So, theoretically speaking, no matter where you are (in the Northern Hemisphere), if you can't find your way, all you need to do is look up, find Polaris, and you'll be able to navigate your way back on track. Cool, eh?

Now, time for my quick story.

I begin my writing career with a message in my soul and a song in my heart. Along the way, I discovered that making a living as a freelancer was a little more challenging than I expected.

Turns out, I'm not only expected to know how to write, I must spin a great yarn, I must persevere in a tough profession, and most horrifying of all, I must learn to sell my writing.

It's a tall order.

So, setting my ultimate dream (my Polaris) aside, I embarked on the long process of perfecting my craft (still have a ways to go on that count, I'm sure), keeping my mindset strong, and mastering various components of the persuasive process, i.e. marketing, just to name a few challenges.

That's about the time things started going a bit amok for me.
While I rather enjoy exploring these techniques, they are mere tools to propel me towards my ultimate goal... my Polaris. However, none of them are my “official” Polaris.

Sadly, for far too many years, my life rotated around these exact activities. I studied writing, I immersed myself in mindset issues, I lived, breathed, and ate everything I could get my hands on when it came to mastering marketing techniques. In fact, I even became a professional copywriter for a time.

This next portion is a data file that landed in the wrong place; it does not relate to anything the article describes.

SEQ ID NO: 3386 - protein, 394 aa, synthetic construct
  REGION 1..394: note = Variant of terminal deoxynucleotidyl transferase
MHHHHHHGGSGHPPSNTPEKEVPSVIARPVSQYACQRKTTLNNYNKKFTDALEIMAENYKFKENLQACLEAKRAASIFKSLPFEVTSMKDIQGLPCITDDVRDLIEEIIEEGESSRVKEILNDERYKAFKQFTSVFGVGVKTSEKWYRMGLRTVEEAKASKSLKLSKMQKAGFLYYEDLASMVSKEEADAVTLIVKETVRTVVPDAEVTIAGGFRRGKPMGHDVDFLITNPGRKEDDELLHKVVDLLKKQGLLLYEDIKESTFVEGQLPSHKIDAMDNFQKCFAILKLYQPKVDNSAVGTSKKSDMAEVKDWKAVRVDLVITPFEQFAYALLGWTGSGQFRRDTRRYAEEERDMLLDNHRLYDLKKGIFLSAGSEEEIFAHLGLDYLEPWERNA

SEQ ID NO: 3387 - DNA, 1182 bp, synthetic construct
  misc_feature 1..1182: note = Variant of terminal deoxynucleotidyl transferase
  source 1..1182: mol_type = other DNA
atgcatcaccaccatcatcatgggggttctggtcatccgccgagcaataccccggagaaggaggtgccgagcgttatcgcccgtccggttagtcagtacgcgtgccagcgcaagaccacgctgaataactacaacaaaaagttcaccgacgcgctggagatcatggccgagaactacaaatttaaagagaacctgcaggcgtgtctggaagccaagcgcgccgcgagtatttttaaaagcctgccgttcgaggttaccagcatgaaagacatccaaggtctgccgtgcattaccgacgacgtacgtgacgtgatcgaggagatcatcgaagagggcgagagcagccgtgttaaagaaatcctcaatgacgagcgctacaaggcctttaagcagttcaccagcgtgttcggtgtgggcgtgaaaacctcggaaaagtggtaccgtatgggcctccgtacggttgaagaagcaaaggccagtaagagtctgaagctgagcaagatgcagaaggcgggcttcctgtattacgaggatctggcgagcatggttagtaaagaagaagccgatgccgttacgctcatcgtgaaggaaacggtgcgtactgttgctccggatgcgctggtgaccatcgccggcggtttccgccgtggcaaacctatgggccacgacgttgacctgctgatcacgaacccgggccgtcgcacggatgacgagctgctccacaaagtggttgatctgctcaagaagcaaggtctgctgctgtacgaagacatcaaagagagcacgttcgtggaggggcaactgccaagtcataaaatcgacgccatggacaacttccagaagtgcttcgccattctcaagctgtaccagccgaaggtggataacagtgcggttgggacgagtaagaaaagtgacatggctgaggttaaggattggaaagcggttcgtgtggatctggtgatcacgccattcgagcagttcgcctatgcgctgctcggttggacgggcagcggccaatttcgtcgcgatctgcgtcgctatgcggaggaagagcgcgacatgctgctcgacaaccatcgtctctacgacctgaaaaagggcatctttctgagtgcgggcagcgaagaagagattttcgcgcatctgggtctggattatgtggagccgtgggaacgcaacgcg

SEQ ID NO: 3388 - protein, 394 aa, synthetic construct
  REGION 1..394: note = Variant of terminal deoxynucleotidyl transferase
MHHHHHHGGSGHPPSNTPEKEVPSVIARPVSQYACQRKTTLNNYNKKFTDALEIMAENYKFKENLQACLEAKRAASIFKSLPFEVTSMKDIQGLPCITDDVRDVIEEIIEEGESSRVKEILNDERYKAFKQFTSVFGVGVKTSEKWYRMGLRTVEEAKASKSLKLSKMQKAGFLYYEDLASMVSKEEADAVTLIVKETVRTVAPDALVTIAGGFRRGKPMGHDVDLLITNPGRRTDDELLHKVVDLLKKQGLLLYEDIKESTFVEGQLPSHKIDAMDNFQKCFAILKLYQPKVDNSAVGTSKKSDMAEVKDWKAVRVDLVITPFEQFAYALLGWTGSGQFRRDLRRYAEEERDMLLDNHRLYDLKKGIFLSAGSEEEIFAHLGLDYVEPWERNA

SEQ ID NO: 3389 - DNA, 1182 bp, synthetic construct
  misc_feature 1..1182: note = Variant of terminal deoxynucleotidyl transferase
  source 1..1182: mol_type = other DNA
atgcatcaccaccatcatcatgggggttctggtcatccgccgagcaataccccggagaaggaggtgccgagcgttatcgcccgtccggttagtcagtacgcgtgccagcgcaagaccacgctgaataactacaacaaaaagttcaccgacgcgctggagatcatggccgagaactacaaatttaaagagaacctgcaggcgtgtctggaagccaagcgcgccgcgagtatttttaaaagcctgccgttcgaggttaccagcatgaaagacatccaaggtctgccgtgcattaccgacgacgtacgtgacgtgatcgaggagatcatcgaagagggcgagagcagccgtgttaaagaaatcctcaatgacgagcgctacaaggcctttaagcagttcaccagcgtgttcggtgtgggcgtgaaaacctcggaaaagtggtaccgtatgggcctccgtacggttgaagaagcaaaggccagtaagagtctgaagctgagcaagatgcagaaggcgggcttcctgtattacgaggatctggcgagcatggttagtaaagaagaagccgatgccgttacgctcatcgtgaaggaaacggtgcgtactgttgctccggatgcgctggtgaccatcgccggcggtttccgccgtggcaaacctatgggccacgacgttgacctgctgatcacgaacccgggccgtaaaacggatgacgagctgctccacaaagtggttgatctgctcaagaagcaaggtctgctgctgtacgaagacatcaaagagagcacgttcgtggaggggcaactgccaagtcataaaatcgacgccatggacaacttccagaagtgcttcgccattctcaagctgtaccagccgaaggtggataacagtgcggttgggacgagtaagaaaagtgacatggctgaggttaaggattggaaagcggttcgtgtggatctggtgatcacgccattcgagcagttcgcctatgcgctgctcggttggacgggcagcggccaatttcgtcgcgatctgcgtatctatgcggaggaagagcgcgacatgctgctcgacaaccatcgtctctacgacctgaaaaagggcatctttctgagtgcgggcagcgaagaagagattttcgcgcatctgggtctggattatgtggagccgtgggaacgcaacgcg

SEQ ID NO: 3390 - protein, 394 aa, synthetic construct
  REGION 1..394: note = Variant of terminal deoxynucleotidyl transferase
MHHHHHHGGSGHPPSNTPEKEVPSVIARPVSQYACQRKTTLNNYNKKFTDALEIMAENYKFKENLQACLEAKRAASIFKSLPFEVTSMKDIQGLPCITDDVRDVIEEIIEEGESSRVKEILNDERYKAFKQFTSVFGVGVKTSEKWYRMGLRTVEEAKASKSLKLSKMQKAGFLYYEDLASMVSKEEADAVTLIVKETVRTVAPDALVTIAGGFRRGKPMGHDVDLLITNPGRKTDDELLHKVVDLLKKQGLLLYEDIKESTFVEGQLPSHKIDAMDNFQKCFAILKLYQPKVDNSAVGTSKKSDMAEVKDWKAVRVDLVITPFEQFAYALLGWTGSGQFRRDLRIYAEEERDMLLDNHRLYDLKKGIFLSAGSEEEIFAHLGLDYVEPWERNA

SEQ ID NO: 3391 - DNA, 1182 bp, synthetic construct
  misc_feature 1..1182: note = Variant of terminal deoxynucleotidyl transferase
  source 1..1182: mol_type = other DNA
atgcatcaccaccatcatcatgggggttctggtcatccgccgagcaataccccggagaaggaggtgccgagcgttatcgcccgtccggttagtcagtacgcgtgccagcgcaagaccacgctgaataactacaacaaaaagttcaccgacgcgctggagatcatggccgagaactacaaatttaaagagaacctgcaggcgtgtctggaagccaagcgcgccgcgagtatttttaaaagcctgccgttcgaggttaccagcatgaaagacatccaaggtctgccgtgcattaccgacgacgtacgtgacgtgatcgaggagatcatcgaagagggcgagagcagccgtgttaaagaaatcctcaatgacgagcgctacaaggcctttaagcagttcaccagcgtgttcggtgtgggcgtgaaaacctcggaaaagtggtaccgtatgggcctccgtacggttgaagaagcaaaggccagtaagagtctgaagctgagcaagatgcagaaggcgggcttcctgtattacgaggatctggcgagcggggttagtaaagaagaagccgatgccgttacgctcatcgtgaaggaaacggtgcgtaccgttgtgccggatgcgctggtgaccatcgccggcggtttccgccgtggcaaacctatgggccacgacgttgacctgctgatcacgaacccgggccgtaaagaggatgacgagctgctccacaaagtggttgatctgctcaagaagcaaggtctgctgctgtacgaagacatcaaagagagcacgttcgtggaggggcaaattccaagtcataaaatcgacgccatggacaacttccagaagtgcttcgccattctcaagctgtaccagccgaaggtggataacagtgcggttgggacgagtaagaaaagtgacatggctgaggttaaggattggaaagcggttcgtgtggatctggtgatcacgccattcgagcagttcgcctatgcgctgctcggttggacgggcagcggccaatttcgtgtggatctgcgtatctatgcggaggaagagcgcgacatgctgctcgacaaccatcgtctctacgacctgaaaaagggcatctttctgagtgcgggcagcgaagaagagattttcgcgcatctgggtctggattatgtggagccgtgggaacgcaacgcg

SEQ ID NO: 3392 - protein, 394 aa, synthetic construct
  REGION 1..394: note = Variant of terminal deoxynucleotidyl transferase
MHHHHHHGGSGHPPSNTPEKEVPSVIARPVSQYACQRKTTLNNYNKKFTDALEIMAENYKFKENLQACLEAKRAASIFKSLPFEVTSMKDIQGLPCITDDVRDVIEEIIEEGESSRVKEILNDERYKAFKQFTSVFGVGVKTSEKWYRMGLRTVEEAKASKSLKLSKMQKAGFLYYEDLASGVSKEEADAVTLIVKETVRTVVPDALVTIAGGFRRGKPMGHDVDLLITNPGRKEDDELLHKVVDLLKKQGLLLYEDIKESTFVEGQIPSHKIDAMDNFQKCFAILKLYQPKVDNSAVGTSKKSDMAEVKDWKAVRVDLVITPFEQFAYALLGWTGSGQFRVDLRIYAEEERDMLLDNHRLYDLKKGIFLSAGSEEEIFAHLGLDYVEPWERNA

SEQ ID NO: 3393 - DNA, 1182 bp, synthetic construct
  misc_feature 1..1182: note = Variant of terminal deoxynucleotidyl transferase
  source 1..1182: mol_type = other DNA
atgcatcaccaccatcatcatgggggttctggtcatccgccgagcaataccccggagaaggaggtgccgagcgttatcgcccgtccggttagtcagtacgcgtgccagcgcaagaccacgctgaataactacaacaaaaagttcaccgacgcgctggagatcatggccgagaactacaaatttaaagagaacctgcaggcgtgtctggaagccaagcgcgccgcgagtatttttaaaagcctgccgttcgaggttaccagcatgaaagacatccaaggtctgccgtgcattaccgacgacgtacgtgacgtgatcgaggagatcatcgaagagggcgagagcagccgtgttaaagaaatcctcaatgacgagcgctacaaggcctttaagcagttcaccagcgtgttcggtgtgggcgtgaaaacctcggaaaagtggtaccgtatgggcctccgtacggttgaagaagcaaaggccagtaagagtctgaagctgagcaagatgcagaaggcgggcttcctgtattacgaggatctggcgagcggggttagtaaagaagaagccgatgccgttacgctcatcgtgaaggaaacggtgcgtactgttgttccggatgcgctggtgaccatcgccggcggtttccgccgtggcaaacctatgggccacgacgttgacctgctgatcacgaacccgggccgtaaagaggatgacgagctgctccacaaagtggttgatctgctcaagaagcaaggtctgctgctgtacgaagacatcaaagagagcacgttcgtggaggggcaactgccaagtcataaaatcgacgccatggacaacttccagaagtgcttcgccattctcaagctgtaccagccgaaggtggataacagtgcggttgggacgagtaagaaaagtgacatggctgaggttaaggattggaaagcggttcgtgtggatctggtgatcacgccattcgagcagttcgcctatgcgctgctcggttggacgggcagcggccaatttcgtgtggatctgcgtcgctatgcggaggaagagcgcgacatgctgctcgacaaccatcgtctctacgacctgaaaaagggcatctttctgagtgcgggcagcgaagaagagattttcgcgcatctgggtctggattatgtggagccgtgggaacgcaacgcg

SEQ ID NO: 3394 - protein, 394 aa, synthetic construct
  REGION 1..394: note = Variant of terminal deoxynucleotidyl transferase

Ah, the incredible detours we take.
Bad part was that my ultimate dream, my Polaris,languished, patiently waiting for me to come to my senses.

And here's where it gets really interesting.

I firmly believe that we're born with in in-born navigation system, a way we can instantly know when we're on a path contrary to our Polaris. Whenever I'm working on a project that is in harmony, something that is leading me closer to my ultimate goal, I feel great. I'm in the creative zone. I love it. Challenges hardly feel like challenges because I find the whole process so invigorating.

When I'm working on a project that isn't in harmony with my Polaris, I feel a resistance, an annoying niggling feeling that makes it hard to write. I have to force myself to the computer to get moving. The whole process has a dark pallor about it.

When I experience these negative sensations, I know I need to reevaluate the project and examine whether it will enhance my ultimate goal, or whether I should pass the project on to another writer who may find joy working on it.

I know. Easier said than done.

It's hard to turn down projects. It's only the daring who have courage to run after their own dreams, especially when you've got a few dollars at stake.

My theory is that talented people are capable of a lot. However, just because you have the ability to do something doesn't mean you should. We have a finite amount of time per day. How will you spend that time; writing something truly heart felt and empowering, or slaving over a project you took on for the sole purpose of earning a few bucks. The old adage is true: You earn every cent when you take on a project solely for the money.

Somewhere along the line, you'll have to decide whether you'll follow your personal Polaris, your life purpose, or allow yourself to be side tracked by the myriad of possibilities that could, in essence, be valuable, but may leave you wondering at the end of your career, “What if my whole writing career has been wrong?”

Beth Ann Erickson is the “Queen Bee” of Filbert Publishing. She’s also the author of numerous titles as well as the Creative Mindset Newsletter. Pick up the first seven copies today here. She’s also a busy copywriter, speaker, and publisher of Writing Etc., the free e-mag for writers.
P.S. You can use this article free of charge on your own website or zine. Just don’t make any changes and be sure to include the entire byline. Enjoy!

Visit Beth's website at